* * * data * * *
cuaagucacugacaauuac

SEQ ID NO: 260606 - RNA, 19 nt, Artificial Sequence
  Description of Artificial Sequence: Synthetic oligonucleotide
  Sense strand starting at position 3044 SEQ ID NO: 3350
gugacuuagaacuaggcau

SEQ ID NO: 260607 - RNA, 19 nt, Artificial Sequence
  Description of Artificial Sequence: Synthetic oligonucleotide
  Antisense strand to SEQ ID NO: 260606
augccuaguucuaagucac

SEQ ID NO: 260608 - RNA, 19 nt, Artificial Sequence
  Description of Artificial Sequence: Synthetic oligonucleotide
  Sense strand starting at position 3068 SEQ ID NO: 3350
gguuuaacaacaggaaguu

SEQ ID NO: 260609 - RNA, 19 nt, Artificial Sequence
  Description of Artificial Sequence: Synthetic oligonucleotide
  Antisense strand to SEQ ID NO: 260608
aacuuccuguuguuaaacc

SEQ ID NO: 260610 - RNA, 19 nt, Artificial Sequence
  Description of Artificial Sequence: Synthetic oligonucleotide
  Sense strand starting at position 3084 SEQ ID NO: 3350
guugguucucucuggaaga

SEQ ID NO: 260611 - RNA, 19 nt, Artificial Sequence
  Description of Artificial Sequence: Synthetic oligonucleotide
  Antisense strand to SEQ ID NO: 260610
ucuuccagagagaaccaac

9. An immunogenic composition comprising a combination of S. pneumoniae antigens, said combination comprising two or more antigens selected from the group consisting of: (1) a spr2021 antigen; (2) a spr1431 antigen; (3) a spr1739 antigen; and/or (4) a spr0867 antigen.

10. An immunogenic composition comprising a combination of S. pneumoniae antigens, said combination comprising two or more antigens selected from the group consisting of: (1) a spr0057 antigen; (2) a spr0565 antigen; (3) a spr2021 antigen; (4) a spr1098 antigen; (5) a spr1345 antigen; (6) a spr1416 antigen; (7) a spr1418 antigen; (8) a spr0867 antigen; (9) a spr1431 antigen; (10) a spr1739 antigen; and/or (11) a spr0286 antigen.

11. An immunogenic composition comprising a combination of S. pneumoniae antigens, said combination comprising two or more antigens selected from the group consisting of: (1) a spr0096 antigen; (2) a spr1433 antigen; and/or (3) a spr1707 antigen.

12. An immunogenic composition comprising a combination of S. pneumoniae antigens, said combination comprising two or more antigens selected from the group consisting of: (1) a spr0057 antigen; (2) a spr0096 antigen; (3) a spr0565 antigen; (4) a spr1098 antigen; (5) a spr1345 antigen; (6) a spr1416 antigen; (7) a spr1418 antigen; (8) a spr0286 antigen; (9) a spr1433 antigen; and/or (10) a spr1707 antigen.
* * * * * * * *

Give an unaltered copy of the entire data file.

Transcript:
cuaagucacugacaauuac

SEQ ID NO: 260606 - RNA, 19 nt, Artificial Sequence
  Description of Artificial Sequence: Synthetic oligonucleotide
  Sense strand starting at position 3044 SEQ ID NO: 3350
gugacuuagaacuaggcau

SEQ ID NO: 260607 - RNA, 19 nt, Artificial Sequence
  Description of Artificial Sequence: Synthetic oligonucleotide
  Antisense strand to SEQ ID NO: 260606
augccuaguucuaagucac

SEQ ID NO: 260608 - RNA, 19 nt, Artificial Sequence
  Description of Artificial Sequence: Synthetic oligonucleotide
  Sense strand starting at position 3068 SEQ ID NO: 3350
gguuuaacaacaggaaguu

SEQ ID NO: 260609 - RNA, 19 nt, Artificial Sequence
  Description of Artificial Sequence: Synthetic oligonucleotide
  Antisense strand to SEQ ID NO: 260608
aacuuccuguuguuaaacc

SEQ ID NO: 260610 - RNA, 19 nt, Artificial Sequence
  Description of Artificial Sequence: Synthetic oligonucleotide
  Sense strand starting at position 3084 SEQ ID NO: 3350
guugguucucucuggaaga

SEQ ID NO: 260611 - RNA, 19 nt, Artificial Sequence
  Description of Artificial Sequence: Synthetic oligonucleotide
  Antisense strand to SEQ ID NO: 260610
ucuuccagagagaaccaac

9. An immunogenic composition comprising a combination of S. pneumoniae antigens, said combination comprising two or more antigens selected from the group consisting of: (1) a spr2021 antigen; (2) a spr1431 antigen; (3) a spr1739 antigen; and/or (4) a spr0867 antigen.

10. An immunogenic composition comprising a combination of S. pneumoniae antigens, said combination comprising two or more antigens selected from the group consisting of: (1) a spr0057 antigen; (2) a spr0565 antigen; (3) a spr2021 antigen; (4) a spr1098 antigen; (5) a spr1345 antigen; (6) a spr1416 antigen; (7) a spr1418 antigen; (8) a spr0867 antigen; (9) a spr1431 antigen; (10) a spr1739 antigen; and/or (11) a spr0286 antigen.

11. An immunogenic composition comprising a combination of S. pneumoniae antigens, said combination comprising two or more antigens selected from the group consisting of: (1) a spr0096 antigen; (2) a spr1433 antigen; and/or (3) a spr1707 antigen.

12. An immunogenic composition comprising a combination of S. pneumoniae antigens, said combination comprising two or more antigens selected from the group consisting of: (1) a spr0057 antigen; (2) a spr0096 antigen; (3) a spr0565 antigen; (4) a spr1098 antigen; (5) a spr1345 antigen; (6) a spr1416 antigen; (7) a spr1418 antigen; (8) a spr0286 antigen; (9) a spr1433 antigen; and/or (10) a spr1707 antigen.